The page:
As 2010 winds down, folks will be celebrating the arrival of 2011 in a variety of ways. Earlier in December, I was at a lecture about Italian Holiday Traditions at the 92nd Street Y on the Upper East Side featuring Francine Segan. Listening to her speak brought me back to some wonderful times that I’d spent ringing in the new year with friends overseas.
As she explained, many of these traditions feature specific food items, and, as with most things in Italy, also have regional variations. In Bologna, a typical dish is a pile of lentils (to symbolize money) topped with slices of zampone (a stuffed pig’s trotter) or cotechino (a sausage variety), and garnished with potato purée. Eating this meal on New Year’s Eve (capodanno), in addition to wearing red undergarments that evening and/or the first day of January, is supposed to bring good luck and fortune in the coming year.
While I don’t know how accurate that legend actually is, I can tell you that the savory, melting fat and spices from the zampone / cotechino flavors the lentils just wonderfully. The hearty taste and texture of the flavored legumes is a perfect balance to the smooth and creamy potato mixture. If I could get my hands on the pork component of this dish here in Virginia (our usual sausages aren’t quite the same thing), I would make this for my family to eat tonight.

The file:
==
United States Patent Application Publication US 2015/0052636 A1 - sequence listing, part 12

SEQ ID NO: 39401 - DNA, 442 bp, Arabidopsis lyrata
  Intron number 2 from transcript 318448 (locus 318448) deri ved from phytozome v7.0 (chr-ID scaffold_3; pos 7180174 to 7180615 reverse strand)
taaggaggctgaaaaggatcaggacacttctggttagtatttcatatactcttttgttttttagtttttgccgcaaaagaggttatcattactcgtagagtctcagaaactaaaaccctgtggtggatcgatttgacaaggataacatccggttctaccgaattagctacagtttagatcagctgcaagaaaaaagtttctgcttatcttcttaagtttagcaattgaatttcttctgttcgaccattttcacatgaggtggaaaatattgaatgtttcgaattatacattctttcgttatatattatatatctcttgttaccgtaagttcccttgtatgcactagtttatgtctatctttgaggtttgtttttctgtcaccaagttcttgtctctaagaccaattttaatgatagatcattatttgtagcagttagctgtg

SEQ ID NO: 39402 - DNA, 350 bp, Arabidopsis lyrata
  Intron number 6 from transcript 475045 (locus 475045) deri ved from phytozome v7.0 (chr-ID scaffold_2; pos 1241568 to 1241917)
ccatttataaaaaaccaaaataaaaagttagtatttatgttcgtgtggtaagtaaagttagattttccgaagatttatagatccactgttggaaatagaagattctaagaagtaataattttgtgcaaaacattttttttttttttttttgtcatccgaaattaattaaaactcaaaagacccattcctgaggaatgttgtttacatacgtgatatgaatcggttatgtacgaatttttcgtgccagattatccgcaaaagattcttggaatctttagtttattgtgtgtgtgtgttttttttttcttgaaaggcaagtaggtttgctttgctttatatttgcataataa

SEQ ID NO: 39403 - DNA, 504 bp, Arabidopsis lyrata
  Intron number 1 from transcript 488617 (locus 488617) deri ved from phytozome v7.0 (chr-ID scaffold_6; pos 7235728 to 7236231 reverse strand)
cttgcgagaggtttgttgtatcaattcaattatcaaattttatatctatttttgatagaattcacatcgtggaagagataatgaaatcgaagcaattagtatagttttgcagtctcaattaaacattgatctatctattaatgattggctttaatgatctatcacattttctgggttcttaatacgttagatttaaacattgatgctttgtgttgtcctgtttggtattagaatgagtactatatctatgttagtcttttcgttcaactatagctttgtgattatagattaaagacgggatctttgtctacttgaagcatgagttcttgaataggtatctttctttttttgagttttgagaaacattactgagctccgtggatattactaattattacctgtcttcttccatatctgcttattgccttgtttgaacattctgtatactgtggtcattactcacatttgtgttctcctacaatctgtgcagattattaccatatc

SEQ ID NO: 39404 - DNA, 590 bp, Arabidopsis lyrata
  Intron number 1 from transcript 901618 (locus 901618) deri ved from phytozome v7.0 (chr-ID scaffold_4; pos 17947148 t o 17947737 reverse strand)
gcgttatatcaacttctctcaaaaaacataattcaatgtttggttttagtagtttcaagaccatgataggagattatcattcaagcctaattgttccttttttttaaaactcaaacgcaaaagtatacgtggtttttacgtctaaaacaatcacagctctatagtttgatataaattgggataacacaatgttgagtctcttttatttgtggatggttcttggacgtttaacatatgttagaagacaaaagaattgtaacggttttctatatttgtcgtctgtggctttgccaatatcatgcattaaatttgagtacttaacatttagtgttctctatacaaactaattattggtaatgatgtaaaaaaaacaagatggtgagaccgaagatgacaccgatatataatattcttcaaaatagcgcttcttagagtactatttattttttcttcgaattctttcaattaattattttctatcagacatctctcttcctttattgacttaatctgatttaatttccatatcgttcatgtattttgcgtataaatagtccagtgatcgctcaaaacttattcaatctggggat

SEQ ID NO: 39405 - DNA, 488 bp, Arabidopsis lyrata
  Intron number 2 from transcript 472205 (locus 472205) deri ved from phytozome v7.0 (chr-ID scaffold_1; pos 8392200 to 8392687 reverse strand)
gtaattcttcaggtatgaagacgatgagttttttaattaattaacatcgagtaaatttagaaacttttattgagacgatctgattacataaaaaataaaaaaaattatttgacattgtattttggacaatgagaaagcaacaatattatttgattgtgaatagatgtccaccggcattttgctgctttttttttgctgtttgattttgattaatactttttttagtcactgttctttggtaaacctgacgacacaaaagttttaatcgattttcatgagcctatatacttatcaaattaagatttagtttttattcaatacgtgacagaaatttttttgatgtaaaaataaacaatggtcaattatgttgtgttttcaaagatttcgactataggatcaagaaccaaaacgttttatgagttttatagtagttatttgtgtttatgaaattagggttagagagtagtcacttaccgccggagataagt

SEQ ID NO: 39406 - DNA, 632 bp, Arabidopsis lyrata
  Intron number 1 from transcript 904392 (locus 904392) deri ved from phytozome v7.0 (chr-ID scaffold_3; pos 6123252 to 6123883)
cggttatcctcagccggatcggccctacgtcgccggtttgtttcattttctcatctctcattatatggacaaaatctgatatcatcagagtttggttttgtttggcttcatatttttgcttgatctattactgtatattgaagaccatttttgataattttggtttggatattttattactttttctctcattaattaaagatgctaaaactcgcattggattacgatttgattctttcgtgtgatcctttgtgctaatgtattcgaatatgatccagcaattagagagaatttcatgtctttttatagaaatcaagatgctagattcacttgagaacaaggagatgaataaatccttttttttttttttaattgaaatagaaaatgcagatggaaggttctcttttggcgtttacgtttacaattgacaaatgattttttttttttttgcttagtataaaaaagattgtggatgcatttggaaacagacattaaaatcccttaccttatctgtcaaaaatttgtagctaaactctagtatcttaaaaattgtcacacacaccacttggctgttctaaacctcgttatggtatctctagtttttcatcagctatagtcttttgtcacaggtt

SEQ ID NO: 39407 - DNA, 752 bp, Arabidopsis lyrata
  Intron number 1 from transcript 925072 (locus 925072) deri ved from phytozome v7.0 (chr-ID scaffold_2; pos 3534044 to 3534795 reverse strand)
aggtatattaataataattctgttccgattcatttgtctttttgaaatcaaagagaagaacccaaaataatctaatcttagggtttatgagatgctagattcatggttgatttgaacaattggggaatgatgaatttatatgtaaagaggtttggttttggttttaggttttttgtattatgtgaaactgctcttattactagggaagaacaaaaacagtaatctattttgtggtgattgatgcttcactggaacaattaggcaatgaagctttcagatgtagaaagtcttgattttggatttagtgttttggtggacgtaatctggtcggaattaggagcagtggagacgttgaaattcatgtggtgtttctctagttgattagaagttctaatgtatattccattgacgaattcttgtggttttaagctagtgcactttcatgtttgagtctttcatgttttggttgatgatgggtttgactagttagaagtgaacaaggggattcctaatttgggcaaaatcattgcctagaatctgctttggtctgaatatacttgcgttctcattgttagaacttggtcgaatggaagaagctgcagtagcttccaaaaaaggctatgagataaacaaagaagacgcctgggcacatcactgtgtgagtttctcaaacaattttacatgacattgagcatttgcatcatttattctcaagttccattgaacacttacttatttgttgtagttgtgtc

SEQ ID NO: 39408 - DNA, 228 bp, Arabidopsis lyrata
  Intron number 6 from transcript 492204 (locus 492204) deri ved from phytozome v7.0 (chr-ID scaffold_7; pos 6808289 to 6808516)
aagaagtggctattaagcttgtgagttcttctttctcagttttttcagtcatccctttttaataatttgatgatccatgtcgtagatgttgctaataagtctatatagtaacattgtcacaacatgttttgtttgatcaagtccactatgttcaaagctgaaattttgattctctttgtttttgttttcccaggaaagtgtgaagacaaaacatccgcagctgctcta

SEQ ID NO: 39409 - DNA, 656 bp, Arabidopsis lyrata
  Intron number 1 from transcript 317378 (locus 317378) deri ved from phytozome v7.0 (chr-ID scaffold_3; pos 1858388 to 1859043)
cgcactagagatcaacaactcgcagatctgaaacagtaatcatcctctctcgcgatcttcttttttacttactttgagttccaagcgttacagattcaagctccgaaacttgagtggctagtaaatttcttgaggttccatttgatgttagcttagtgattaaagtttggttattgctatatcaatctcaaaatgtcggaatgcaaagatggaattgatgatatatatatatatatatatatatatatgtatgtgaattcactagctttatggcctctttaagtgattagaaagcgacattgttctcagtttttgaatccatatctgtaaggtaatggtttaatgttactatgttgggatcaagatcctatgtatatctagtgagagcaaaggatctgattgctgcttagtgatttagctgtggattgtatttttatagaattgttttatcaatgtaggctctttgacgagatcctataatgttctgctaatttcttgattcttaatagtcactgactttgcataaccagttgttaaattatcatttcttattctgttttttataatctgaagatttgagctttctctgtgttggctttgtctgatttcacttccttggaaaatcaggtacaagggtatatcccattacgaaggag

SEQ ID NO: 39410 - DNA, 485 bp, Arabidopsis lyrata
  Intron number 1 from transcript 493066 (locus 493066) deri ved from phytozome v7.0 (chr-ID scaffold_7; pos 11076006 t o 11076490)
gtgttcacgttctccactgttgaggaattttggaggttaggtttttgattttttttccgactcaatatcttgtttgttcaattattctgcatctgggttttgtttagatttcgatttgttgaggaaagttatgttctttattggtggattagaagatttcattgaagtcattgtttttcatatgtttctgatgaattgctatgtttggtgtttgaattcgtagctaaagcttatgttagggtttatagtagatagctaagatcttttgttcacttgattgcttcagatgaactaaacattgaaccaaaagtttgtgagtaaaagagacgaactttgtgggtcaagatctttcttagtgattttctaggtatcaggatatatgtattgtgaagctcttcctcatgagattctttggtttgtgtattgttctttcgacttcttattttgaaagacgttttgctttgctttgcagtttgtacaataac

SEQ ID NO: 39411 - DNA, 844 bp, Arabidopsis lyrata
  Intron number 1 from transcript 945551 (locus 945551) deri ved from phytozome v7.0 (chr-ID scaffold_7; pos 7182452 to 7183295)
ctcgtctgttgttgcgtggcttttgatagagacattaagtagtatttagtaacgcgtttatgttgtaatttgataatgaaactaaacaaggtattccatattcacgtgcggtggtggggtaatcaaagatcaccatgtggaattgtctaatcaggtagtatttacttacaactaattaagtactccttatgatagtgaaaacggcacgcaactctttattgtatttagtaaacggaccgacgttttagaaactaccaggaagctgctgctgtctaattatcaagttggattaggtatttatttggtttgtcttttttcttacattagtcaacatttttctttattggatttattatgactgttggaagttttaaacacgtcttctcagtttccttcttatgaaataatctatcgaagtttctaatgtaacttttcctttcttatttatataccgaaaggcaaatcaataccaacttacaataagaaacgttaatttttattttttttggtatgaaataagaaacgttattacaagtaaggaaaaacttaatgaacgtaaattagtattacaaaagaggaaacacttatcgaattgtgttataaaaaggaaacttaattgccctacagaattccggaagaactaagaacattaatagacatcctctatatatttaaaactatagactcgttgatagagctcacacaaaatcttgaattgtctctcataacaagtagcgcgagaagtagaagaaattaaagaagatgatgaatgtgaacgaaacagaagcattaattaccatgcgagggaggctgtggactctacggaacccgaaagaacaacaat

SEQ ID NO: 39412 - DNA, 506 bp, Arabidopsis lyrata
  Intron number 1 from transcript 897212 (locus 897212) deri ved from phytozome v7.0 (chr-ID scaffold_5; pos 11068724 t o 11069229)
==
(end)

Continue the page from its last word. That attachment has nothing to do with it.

My mom used to make something of a similar nature for New Year’s Day. For us, we would gather around for a special meal to start off the year, usually featuring a ham of some sort, if I remember correctly. She would also try to feed us Hoppin’ John, a Southern classic made with black-eyed peas and a ham hock, with the similar good luck aura of the Bolognesi lentils. This, I distinctly remember as not a hit at the dinner table. I don’t recall it making an appearance more than a couple of times.
However, for us, tonight it will be dinner with a toddler, his parents, and my dad. We’ll be having the Spaghetti and Meatballs that I wrote about ages ago as being a family classic. Having made this same dish over the summer with my two oldest nieces, it seems like the next generation is also becoming a fan of it (and one of my nieces is a pro at making evenly-sized and -shaped meatballs). Even if there aren’t any beans to represent money, the sauce for this dish is very red, so maybe that will be enough to bring us all good fortune for 2011.
Buon appetito and Buon Anno Nuovo!